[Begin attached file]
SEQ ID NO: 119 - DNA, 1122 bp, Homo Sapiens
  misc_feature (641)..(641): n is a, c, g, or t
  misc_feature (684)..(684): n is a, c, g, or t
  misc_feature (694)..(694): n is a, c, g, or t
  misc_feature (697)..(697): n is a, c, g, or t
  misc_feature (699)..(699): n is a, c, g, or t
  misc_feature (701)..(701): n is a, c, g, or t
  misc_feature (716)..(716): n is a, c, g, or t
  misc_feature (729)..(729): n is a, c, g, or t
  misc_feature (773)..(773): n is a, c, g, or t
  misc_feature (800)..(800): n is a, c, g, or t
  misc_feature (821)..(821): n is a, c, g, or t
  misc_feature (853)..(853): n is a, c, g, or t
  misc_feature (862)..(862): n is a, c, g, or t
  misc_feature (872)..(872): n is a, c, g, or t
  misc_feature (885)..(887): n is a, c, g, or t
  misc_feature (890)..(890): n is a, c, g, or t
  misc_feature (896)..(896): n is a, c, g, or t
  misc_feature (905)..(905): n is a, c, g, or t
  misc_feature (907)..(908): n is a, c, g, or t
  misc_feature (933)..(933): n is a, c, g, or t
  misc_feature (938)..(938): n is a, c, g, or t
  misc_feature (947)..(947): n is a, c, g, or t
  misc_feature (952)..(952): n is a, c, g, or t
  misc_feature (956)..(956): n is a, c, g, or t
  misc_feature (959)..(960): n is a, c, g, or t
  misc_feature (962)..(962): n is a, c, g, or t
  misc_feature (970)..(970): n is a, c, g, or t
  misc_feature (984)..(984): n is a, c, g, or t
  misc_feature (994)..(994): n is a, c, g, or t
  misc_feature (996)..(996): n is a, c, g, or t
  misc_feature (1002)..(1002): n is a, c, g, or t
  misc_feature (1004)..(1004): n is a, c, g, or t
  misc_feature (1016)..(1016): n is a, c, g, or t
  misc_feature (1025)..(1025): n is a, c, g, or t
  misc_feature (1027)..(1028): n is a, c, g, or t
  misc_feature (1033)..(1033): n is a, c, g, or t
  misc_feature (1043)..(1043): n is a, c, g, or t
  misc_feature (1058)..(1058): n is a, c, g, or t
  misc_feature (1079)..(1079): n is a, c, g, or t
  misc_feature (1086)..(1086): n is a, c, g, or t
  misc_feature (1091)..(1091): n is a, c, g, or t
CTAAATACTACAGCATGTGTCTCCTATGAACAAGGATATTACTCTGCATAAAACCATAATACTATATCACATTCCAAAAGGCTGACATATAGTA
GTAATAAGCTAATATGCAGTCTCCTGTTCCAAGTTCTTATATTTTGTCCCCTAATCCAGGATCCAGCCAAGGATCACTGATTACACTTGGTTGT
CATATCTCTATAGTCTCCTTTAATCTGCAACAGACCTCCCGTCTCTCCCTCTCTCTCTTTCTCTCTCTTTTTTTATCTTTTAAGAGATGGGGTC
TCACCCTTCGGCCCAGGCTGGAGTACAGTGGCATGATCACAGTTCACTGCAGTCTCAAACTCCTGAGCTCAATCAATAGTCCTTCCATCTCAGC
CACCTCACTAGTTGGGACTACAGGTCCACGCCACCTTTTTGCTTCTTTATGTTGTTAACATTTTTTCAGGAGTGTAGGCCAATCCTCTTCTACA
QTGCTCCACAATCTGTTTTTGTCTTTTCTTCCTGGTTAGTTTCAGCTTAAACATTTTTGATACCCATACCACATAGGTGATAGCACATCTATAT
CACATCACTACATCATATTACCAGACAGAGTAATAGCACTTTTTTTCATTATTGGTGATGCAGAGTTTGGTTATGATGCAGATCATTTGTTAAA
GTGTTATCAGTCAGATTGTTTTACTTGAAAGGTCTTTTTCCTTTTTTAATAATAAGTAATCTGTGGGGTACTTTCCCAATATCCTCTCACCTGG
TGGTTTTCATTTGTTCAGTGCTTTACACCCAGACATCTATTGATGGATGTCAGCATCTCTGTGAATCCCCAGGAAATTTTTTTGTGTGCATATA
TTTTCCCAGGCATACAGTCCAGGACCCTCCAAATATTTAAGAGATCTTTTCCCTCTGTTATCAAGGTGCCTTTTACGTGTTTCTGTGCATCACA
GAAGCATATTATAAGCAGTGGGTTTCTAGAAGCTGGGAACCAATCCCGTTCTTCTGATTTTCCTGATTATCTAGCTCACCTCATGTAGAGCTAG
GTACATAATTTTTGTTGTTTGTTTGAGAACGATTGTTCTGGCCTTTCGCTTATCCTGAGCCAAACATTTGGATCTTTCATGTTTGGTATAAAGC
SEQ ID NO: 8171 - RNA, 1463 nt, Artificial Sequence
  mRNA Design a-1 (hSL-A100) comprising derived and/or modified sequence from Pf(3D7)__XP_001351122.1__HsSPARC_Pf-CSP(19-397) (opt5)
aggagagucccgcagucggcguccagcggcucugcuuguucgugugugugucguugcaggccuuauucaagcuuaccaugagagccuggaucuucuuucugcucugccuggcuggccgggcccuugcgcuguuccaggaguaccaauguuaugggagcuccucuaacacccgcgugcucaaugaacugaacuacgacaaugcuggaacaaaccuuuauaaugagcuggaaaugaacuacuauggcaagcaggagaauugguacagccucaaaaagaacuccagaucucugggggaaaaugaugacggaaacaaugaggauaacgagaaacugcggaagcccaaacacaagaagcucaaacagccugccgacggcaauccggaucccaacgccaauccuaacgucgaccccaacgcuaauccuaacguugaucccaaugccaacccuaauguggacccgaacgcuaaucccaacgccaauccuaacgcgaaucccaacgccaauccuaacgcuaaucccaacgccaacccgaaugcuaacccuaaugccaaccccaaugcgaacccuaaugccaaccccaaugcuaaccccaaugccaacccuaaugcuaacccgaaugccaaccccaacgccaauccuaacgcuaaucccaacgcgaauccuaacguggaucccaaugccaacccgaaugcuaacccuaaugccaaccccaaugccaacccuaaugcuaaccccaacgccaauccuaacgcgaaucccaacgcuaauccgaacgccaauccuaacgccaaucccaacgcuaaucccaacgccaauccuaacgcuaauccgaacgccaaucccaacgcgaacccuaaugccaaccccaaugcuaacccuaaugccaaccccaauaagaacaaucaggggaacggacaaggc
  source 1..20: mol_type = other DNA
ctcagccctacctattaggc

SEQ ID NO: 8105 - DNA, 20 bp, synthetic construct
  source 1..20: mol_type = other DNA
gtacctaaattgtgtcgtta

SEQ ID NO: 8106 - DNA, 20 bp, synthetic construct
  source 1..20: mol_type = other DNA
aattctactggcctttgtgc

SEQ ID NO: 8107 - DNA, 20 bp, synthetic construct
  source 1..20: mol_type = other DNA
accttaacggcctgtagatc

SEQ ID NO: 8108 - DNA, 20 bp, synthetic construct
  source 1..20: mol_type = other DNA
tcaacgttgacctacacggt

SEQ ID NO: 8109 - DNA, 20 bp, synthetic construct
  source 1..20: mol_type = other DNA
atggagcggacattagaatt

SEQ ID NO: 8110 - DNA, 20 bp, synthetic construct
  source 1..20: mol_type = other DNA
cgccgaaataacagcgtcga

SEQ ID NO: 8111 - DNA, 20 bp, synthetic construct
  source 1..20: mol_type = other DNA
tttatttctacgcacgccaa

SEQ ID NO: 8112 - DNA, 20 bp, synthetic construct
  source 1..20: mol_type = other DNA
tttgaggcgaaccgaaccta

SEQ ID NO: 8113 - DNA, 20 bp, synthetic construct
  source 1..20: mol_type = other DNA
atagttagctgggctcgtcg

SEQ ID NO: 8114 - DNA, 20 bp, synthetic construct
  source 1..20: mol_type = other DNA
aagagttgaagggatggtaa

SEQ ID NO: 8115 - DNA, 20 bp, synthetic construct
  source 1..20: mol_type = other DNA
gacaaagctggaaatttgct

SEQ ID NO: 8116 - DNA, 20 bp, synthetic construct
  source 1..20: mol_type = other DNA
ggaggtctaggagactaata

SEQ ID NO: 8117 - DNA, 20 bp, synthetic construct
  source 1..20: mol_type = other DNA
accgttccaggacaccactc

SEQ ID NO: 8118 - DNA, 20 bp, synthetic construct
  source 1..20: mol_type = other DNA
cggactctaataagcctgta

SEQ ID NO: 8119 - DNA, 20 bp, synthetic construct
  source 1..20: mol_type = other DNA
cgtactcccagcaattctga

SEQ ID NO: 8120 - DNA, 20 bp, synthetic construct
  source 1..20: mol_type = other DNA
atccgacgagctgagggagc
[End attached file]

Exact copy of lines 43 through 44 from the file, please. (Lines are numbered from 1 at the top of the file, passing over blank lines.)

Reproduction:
CTAAATACTACAGCATGTGTCTCCTATGAACAAGGATATTACTCTGCATAAAACCATAATACTATATCACATTCCAAAAGGCTGACATATAGTA
GTAATAAGCTAATATGCAGTCTCCTGTTCCAAGTTCTTATATTTTGTCCCCTAATCCAGGATCCAGCCAAGGATCACTGATTACACTTGGTTGT